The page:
I think that more accurately summarises a description of the problem than a drive-by shooting.

There've been other discussions of 'benefits tenants' and what you have to do to house them on this site. And in response to those discussions occasionally landlords put up summaries of the procedures they follow to try and ensure for example that the tenants can afford the rent or are eligible for benefits. But the problem is, these procedures are time-consuming, costly and don't adequately protect the landlord from all the risks, e.g. the benefits office reclaiming their rental payments because the tenant wasn't eligible for benefits.

The problem that you have here is that the only people who could possibly know whether the tenant was eligible is HMRC/UC or Tax Credits office, according to where you are, Social Services or NHS. As a landlord you don't have the right to access or check anything unless the tenant agrees that you can and the more data you have to collect the greater the risk under the relevant Data Protection Rules.

As a landlord this makes you vulnerable. Your risks of housing UC tenants are higher, the costs are higher, the level of expertise you need is higher. That's even before an office tells you to send you their [meaningless piece of jargon with nowhere you can look it up] that relates to some part of their process that is not standardised and is any case designed to protect them and not you.

Most landlords just won't bother with this and would have to be forgiven for just not taking UC tenants.

Old Mrs Landlord

14:18 PM, 11th August 2020
About a month ago

Anyone who houses or has housed UC claimants will tell you it is a hiding to nothing. You will spend hours and hours of unpaid time attempting to secure a rent which is paid in arrears arrears and falls short of the market rent and may be stopped or clawed back at any time with no explanation. You will incur huge bills and waste hours of your life on phone calls which get you nowhere, spend time and money going on special courses to learn how to deal with the clueless, inefficient, box-ticking government department and end up out of pocket after months or years of stress. A private landlord is not a charity or a social housing provider and cannot be obliged to shoulder these burdens. Having said that, looking ahead in the current situation, almost any of our working tenants could lose their job and need to claim UC so we may find ourselves inadvertently having to rely on the DWP with whom we have no means of communication. At least if we have tenants who have been used to working and paying their way we have some hope they will act responsibly with regard to prioritising rent.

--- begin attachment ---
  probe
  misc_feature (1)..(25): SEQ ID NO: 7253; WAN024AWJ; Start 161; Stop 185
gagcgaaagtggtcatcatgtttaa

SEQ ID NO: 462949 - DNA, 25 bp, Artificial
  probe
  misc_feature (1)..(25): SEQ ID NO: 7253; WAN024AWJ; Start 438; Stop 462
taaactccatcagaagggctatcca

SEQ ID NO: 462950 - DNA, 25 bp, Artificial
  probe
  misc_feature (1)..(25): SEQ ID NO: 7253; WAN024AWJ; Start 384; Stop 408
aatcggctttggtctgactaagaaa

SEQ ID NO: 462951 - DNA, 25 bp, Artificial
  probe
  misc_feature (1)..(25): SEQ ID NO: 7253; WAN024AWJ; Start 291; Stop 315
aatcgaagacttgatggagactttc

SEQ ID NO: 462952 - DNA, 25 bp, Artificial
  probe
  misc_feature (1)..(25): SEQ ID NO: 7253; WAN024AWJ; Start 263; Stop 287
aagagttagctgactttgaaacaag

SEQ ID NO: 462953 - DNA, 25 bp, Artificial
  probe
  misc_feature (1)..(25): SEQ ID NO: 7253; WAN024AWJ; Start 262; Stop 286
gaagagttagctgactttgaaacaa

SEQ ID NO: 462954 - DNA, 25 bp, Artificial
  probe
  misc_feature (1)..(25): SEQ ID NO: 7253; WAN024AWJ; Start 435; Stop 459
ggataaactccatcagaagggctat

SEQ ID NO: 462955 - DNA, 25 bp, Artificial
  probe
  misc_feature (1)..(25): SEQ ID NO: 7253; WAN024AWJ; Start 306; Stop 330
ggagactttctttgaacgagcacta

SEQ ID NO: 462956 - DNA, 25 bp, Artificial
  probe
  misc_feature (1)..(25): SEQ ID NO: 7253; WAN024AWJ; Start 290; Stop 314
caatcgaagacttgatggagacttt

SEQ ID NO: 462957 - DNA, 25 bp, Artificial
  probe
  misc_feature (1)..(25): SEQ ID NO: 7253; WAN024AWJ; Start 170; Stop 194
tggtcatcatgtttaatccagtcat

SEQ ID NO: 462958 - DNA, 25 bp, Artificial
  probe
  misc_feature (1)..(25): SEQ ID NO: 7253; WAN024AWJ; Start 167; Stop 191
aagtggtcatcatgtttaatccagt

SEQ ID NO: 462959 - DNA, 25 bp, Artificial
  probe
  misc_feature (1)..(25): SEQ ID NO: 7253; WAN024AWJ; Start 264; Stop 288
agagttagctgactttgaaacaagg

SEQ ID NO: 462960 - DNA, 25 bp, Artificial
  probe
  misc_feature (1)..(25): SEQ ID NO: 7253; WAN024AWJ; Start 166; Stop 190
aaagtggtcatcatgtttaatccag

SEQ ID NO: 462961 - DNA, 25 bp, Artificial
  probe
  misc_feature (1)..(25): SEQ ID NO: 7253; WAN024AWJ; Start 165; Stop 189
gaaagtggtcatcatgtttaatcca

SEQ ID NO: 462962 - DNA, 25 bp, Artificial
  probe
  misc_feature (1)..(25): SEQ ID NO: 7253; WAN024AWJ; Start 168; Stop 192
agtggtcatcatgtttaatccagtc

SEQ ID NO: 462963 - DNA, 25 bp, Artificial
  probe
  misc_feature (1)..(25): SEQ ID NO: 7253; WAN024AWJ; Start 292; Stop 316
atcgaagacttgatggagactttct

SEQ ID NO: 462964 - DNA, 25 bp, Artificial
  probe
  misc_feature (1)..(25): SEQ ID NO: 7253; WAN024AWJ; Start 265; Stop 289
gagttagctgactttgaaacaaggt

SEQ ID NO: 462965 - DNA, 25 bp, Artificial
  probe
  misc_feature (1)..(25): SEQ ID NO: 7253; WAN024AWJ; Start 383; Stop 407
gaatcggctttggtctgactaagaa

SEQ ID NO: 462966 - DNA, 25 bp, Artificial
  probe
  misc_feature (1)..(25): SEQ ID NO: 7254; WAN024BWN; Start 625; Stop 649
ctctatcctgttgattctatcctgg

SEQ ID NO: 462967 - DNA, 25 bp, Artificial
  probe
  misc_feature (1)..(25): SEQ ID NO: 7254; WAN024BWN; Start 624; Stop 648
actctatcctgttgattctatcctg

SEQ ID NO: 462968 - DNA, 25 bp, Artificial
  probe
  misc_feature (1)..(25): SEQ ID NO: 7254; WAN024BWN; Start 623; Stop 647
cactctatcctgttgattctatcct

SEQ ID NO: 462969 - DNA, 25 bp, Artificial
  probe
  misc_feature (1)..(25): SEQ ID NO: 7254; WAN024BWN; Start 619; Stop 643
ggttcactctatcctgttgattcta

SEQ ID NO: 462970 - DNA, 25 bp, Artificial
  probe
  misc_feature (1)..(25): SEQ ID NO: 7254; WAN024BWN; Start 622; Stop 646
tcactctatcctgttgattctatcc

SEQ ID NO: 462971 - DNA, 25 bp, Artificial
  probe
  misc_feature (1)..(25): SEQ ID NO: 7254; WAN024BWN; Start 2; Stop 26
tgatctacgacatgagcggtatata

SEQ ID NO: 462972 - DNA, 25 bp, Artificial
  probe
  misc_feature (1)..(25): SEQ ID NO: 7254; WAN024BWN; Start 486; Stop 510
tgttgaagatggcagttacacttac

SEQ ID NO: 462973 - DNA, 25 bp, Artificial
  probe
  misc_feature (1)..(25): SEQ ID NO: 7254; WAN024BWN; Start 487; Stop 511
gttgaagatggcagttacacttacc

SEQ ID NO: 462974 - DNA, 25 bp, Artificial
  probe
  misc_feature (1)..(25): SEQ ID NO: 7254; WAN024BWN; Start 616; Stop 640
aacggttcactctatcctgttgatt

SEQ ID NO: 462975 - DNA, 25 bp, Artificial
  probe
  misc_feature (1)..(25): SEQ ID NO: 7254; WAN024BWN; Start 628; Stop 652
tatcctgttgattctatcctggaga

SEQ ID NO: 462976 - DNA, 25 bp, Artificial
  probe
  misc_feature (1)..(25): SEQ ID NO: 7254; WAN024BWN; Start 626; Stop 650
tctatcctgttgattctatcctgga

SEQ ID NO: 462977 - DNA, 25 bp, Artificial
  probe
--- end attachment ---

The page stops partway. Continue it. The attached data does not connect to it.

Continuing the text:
Michael Holmes

15:31 PM, 11th August 2020
About a month ago

After years of reading and actually suffering some of the incidents that crop up on this forum and also viewing the plethora of YouTube articles on the general mess the various governments have made of the PRS. I have come to the conclusion that we have been taken over by an insidious left wing cabal that doesn’t want any solutions, only mayhem on a permanent basis, organisations such as BLM and Shelter and Common Purpose have all sprouted from the same left wing swamp. Until something drastic is done about them, Landlords are on a hiding to nothing.

Beaver

16:57 PM, 11th August 2020
About a month ago

Reply to the comment left by Michael Holmes at 11/08/2020 - 15:31
It seems to me that the direction recent governments (from both sides of the house) have been heading in is sending landlords the message:

1. Incorporate if you can and understand that you may need to become more professional and need greater critical mass to be able to do it
2. Stop renting your properties out to UC tenants as the risks are disproportionate
3. Stop renting your property out at all if you can afford not to

As the majority of landlords have small portfolios (1-2 properties) this is likely to negatively affect the supply of both permanent and temporary accommodation. Certainly, as most left-wing organisations are populated by people who don't believe in private ownership anyway, in anybody inheriting anything, or in anybody deciding who can live where apart from their preferred model of central bureaucracy, left wing organisations have a vested interest in making chaos worse so that they can go, "....look, look, this private sector capitalist stuff just isn't working." I think they don't want any solution other than "their solution" of nobody owning anything.

It would take both a very able and a very courageous politician to see that and do something about it.

Richie

17:24 PM, 11th August 2020
About a month ago

Can not agree more than with the comments on this issue.
Lets start by pressure on the government to be more appreciative of the PRS (after all many of them are no doubt landlords).
Then lets GET RID OF SHELTER and who's management are just making a job for them selves by convincing the Government thay are doing a good job.

Charles Fonteijn

14:20 PM, 16th August 2020
About a month ago

If you need to communicate with UC please try this email for landlords only: tpp.enquiries@dwp.gov.uk